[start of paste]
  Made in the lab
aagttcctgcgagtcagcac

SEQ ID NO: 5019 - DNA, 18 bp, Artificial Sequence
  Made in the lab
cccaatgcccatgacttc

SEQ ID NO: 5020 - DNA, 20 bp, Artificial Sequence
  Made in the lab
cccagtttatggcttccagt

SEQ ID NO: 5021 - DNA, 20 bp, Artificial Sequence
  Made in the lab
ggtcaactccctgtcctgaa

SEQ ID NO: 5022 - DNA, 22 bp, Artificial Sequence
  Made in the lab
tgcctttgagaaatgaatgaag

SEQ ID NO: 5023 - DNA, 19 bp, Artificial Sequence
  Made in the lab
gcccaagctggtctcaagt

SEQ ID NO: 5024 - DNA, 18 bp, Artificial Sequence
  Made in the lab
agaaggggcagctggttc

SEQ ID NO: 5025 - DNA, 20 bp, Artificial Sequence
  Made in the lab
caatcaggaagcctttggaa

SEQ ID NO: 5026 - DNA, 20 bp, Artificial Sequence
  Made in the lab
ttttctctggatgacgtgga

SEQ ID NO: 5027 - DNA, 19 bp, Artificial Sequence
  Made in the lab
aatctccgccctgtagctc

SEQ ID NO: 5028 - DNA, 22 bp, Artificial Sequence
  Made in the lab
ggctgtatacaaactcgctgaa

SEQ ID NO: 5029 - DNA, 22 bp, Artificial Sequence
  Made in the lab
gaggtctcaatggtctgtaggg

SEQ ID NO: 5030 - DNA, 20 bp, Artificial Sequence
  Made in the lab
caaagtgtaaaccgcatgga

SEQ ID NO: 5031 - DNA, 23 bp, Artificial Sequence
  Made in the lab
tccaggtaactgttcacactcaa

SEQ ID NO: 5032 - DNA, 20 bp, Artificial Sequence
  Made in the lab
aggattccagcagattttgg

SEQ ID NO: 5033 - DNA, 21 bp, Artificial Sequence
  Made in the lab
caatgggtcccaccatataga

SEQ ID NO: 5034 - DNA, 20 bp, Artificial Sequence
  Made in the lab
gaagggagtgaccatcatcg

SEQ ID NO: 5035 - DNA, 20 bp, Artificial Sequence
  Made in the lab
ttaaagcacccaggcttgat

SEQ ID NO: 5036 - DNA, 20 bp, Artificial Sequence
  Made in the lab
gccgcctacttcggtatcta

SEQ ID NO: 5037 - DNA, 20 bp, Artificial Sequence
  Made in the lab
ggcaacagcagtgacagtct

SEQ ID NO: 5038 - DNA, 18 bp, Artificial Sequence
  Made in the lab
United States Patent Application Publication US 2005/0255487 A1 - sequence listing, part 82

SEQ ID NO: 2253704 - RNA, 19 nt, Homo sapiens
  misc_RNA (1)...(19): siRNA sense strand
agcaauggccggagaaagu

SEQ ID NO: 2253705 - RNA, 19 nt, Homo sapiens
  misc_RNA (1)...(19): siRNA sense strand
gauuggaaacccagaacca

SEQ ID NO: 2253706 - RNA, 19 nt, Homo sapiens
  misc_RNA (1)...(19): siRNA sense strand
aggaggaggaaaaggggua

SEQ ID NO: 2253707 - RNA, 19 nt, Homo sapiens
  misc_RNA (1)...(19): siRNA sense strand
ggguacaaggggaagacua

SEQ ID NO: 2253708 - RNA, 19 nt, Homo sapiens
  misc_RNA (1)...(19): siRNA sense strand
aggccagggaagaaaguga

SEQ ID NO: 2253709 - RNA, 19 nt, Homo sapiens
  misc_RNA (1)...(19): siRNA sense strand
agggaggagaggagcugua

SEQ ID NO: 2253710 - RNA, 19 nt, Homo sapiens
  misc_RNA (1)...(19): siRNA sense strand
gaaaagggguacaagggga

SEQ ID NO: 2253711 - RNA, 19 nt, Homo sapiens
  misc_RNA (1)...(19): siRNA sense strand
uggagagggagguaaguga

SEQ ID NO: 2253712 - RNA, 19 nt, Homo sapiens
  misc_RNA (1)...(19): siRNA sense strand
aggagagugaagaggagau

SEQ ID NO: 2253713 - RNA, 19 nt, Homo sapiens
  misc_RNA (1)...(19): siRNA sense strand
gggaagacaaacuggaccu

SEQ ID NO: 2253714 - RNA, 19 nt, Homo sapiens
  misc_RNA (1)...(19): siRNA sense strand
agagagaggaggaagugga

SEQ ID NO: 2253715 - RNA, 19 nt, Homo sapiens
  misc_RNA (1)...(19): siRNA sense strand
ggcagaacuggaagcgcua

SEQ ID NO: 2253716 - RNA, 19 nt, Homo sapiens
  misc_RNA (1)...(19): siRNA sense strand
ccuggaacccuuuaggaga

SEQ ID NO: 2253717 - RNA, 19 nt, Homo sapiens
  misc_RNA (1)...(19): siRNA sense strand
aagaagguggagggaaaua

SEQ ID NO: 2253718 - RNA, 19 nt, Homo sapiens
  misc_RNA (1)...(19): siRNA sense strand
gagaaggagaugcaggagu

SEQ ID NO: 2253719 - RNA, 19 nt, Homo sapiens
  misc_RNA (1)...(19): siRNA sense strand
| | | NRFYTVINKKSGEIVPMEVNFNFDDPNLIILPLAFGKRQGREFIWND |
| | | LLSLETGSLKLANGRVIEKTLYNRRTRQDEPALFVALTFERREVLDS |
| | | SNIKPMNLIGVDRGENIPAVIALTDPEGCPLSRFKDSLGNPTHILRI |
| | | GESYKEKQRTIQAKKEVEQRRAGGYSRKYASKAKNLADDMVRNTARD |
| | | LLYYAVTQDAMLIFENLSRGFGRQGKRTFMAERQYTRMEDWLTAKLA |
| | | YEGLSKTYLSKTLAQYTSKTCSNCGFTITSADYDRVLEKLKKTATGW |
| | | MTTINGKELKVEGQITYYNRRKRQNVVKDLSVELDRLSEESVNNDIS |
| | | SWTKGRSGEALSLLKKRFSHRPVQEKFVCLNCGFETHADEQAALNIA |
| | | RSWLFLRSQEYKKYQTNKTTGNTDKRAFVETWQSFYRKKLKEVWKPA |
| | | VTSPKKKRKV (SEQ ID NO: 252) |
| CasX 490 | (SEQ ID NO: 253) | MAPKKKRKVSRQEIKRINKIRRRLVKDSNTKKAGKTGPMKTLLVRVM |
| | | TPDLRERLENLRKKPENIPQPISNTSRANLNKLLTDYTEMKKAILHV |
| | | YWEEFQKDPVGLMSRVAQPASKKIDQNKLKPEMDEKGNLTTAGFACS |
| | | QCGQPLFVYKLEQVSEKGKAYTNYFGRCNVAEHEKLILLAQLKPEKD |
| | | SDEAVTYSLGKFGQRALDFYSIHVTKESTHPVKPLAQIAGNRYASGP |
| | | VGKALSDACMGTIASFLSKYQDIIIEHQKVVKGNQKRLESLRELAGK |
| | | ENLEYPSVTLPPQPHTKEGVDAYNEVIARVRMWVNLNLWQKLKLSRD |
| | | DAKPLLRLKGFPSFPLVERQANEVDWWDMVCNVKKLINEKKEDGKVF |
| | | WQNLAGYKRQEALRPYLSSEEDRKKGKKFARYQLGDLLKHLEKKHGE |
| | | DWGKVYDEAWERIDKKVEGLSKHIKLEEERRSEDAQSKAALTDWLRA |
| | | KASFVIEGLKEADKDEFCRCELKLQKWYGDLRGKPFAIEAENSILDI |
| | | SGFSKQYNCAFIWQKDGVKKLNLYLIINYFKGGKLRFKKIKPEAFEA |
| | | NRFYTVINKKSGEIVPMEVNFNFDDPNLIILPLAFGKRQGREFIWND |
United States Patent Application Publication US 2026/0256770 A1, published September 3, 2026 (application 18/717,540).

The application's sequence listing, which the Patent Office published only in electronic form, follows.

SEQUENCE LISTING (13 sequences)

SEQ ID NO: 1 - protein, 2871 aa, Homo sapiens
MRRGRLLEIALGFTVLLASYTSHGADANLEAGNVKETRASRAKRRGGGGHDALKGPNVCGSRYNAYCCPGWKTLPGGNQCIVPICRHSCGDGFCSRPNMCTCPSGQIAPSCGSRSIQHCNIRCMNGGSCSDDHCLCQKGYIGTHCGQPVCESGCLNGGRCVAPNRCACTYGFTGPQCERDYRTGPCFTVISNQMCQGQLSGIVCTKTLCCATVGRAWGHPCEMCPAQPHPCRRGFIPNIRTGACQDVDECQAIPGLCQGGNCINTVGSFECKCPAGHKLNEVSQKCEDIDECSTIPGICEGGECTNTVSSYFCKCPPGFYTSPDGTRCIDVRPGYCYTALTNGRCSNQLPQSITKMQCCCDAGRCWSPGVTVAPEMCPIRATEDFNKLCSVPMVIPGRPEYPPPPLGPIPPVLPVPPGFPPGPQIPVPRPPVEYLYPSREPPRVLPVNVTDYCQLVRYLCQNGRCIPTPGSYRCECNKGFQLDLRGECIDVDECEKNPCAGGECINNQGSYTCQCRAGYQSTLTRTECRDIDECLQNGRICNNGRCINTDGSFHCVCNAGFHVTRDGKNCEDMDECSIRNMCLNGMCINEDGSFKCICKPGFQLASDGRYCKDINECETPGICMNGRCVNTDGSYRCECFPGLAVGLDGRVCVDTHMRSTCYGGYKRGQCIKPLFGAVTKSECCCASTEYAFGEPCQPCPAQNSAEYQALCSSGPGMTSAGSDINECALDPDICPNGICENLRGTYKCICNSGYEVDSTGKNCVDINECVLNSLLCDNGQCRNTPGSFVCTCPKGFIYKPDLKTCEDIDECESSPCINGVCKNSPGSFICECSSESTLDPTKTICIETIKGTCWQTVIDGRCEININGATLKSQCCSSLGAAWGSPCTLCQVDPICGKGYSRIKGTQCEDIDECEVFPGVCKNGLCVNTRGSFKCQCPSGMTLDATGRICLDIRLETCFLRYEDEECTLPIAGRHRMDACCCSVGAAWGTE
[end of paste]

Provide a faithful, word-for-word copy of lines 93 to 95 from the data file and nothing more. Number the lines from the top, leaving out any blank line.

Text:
SEQ ID NO: 2253714 - RNA, 19 nt, Homo sapiens
  misc_RNA (1)...(19): siRNA sense strand
agagagaggaggaagugga